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In March 2019, Seedly reported that “the average annual salary in Singapore is S$67,152”. When you divide it, this works out to be S$5,596 per month inclusive of employer’s CPF contributions.
[pullquote]In fact, with zero working experience, I don’t think [asking for a high starting pay] is a wise idea at all.[/pullquote]
Now, compare this figure with the S$7000 starting salary that apparently graduates are expecting, this makes the asking sum outrageously unrealistic, right? Well, it may be more plausible than you think.
How this S$7,000 figure could have come about
Before you burst into flames and start questioning my sanity, please hear me out. I am NOT an advocate for asking for such a high starting salary. In fact, with zero working experience, I don’t think it is a wise idea at all.
So why would a first class honours graduate come to expect a S$7,000 starting salary? Here are some possible reasons:
#1: There ARE companies paying fresh graduates close to such an amount
Based on a 2018 Singapore Management University (SMU) graduate employment survey, graduates in the 75th percentile from the School of Economics and the School of Information Systems commanded a starting salary of S$5,200 while those who graduated from the School of Law commanded S$6,000.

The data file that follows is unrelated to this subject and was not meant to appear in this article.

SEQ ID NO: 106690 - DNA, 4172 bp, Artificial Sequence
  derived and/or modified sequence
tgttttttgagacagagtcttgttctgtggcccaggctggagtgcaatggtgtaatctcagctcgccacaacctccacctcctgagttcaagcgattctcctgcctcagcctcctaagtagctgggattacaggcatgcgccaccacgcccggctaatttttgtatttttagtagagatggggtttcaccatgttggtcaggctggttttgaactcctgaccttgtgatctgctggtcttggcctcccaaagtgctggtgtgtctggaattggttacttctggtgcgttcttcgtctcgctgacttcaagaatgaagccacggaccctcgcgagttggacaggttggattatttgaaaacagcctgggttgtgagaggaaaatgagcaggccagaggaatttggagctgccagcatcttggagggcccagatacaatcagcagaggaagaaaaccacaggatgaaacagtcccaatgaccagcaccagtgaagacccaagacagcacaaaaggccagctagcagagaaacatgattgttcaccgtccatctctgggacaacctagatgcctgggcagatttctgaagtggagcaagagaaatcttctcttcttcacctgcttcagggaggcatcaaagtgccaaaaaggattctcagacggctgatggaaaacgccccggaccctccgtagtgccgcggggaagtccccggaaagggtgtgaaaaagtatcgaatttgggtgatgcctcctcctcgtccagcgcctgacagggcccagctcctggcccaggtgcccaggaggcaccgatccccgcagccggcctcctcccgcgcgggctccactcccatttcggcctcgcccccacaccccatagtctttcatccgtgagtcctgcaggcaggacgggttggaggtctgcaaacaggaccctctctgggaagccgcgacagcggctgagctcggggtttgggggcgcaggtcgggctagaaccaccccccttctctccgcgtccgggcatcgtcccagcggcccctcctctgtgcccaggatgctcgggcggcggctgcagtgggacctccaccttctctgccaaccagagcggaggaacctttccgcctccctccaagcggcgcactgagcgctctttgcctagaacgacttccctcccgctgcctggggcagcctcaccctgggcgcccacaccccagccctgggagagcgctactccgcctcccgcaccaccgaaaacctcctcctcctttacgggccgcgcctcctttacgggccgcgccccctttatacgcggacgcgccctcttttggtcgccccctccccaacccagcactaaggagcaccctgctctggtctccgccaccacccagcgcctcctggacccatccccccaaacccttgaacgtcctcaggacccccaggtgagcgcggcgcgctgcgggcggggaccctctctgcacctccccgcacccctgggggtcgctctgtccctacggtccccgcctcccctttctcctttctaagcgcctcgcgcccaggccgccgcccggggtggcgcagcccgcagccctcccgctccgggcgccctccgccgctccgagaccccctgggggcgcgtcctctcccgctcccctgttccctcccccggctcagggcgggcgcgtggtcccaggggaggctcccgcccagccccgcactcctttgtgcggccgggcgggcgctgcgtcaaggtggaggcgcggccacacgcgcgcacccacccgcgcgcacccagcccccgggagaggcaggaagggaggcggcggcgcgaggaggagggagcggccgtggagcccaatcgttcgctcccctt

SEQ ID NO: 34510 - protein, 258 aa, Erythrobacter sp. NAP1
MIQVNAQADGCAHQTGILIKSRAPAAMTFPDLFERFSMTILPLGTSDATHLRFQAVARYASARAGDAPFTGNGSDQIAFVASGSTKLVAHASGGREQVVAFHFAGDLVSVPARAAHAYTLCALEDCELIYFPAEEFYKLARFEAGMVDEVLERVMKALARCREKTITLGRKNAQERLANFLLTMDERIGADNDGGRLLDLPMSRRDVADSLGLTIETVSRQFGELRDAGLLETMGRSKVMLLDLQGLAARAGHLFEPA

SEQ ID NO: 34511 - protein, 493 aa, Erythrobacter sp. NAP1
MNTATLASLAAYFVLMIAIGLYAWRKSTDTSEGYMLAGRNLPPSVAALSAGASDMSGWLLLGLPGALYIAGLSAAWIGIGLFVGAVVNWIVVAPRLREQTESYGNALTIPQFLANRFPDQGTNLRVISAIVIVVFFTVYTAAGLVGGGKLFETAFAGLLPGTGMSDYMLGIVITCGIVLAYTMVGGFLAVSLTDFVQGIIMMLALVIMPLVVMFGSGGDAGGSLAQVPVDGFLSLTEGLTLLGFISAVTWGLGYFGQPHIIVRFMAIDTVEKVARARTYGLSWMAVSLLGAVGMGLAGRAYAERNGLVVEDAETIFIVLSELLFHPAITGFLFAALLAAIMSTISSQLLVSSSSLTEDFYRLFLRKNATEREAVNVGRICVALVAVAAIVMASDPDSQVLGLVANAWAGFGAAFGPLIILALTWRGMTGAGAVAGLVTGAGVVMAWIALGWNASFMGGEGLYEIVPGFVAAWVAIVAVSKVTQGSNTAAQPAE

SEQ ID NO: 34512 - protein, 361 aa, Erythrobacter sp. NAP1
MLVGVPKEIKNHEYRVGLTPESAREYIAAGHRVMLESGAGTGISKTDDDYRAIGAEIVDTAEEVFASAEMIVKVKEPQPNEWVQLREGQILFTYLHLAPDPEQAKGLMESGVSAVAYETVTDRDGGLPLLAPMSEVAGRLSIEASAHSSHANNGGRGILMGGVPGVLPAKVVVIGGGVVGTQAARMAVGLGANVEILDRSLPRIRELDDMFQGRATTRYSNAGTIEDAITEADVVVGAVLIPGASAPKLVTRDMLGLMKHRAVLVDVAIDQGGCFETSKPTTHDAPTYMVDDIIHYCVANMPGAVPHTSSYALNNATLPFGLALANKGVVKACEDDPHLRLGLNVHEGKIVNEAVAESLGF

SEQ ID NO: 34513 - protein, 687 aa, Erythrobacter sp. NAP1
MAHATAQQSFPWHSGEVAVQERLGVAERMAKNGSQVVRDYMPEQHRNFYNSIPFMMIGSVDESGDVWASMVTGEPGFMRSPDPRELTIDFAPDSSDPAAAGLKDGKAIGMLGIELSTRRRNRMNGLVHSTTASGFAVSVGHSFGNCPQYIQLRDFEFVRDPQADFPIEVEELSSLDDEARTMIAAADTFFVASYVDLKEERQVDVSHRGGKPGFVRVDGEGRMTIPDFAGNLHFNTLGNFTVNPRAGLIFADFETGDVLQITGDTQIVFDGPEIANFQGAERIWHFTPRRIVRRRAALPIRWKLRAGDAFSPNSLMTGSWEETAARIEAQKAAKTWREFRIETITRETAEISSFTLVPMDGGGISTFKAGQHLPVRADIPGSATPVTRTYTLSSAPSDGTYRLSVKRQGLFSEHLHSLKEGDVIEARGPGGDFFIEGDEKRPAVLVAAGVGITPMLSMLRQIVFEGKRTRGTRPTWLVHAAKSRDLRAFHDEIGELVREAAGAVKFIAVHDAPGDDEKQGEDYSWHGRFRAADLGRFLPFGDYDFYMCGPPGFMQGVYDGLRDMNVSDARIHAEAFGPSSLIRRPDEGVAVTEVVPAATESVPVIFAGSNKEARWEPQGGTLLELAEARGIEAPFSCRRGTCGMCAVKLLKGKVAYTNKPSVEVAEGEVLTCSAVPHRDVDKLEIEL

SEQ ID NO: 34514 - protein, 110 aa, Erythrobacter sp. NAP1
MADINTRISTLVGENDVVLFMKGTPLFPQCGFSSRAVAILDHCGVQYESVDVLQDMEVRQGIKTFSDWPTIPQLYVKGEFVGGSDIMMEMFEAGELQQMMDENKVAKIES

The 2018 graduate employment survey for National University of Singapore (NUS) reported the 75th percentile of graduates with the Bachelor of Science with Honours from Yale-NUS commanded a sky-high salary of S$6,435.
These numbers indicate that a S$7,000 starting salary is not far from reach and may be possible for certain companies in certain industries. However, we all know that this does not apply across the board.
#2: They believe that they have the necessary skillsets
[pullquote]… their internship achievements do not guarantee their ability to perform in their job as an employee.[/pullquote]
There are graduates who believe that they have the necessary skillset and are worth the money. This belief may have stemmed from their achievements in their past internships where they had proven their ability to bring great value even as interns. They are aware of what they can bring to the table and the results that they are able to deliver.